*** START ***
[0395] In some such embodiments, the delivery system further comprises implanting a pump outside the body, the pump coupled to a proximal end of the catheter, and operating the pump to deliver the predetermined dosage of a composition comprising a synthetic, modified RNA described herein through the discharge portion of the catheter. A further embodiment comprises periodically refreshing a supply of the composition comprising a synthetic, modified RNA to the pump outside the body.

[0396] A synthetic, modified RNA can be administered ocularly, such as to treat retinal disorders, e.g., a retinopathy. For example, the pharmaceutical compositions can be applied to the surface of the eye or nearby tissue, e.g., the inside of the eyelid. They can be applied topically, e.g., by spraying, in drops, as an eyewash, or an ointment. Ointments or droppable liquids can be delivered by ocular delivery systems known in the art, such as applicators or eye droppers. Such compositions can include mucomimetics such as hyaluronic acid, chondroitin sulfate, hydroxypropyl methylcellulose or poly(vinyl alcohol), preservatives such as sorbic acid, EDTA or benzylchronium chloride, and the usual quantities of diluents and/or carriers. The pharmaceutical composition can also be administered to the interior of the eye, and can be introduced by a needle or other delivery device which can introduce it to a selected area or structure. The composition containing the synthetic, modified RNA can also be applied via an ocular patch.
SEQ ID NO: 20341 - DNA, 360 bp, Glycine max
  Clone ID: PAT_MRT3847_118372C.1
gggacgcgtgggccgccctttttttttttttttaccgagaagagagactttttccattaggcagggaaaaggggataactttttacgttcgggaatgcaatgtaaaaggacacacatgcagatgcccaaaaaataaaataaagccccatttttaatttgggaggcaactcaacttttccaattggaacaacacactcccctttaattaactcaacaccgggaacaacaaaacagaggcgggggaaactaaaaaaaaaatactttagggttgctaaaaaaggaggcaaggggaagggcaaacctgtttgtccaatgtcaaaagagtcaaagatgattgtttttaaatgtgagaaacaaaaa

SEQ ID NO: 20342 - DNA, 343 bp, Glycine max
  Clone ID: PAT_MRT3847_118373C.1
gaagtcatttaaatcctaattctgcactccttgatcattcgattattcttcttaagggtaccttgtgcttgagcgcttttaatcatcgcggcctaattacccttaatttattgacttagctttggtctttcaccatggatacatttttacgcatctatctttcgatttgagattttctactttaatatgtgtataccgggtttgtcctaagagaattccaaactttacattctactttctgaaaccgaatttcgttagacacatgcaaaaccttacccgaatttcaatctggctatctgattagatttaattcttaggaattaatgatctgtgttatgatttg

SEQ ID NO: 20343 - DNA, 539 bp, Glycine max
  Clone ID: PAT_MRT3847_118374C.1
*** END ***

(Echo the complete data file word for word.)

[0395] In some such embodiments, the delivery system further comprises implanting a pump outside the body, the pump coupled to a proximal end of the catheter, and operating the pump to deliver the predetermined dosage of a composition comprising a synthetic, modified RNA described herein through the discharge portion of the catheter. A further embodiment comprises periodically refreshing a supply of the composition comprising a synthetic, modified RNA to the pump outside the body.

[0396] A synthetic, modified RNA can be administered ocularly, such as to treat retinal disorders, e.g., a retinopathy. For example, the pharmaceutical compositions can be applied to the surface of the eye or nearby tissue, e.g., the inside of the eyelid. They can be applied topically, e.g., by spraying, in drops, as an eyewash, or an ointment. Ointments or droppable liquids can be delivered by ocular delivery systems known in the art, such as applicators or eye droppers. Such compositions can include mucomimetics such as hyaluronic acid, chondroitin sulfate, hydroxypropyl methylcellulose or poly(vinyl alcohol), preservatives such as sorbic acid, EDTA or benzylchronium chloride, and the usual quantities of diluents and/or carriers. The pharmaceutical composition can also be administered to the interior of the eye, and can be introduced by a needle or other delivery device which can introduce it to a selected area or structure. The composition containing the synthetic, modified RNA can also be applied via an ocular patch.
SEQ ID NO: 20341 - DNA, 360 bp, Glycine max
  Clone ID: PAT_MRT3847_118372C.1
gggacgcgtgggccgccctttttttttttttttaccgagaagagagactttttccattaggcagggaaaaggggataactttttacgttcgggaatgcaatgtaaaaggacacacatgcagatgcccaaaaaataaaataaagccccatttttaatttgggaggcaactcaacttttccaattggaacaacacactcccctttaattaactcaacaccgggaacaacaaaacagaggcgggggaaactaaaaaaaaaatactttagggttgctaaaaaaggaggcaaggggaagggcaaacctgtttgtccaatgtcaaaagagtcaaagatgattgtttttaaatgtgagaaacaaaaa

SEQ ID NO: 20342 - DNA, 343 bp, Glycine max
  Clone ID: PAT_MRT3847_118373C.1
gaagtcatttaaatcctaattctgcactccttgatcattcgattattcttcttaagggtaccttgtgcttgagcgcttttaatcatcgcggcctaattacccttaatttattgacttagctttggtctttcaccatggatacatttttacgcatctatctttcgatttgagattttctactttaatatgtgtataccgggtttgtcctaagagaattccaaactttacattctactttctgaaaccgaatttcgttagacacatgcaaaaccttacccgaatttcaatctggctatctgattagatttaattcttaggaattaatgatctgtgttatgatttg

SEQ ID NO: 20343 - DNA, 539 bp, Glycine max
  Clone ID: PAT_MRT3847_118374C.1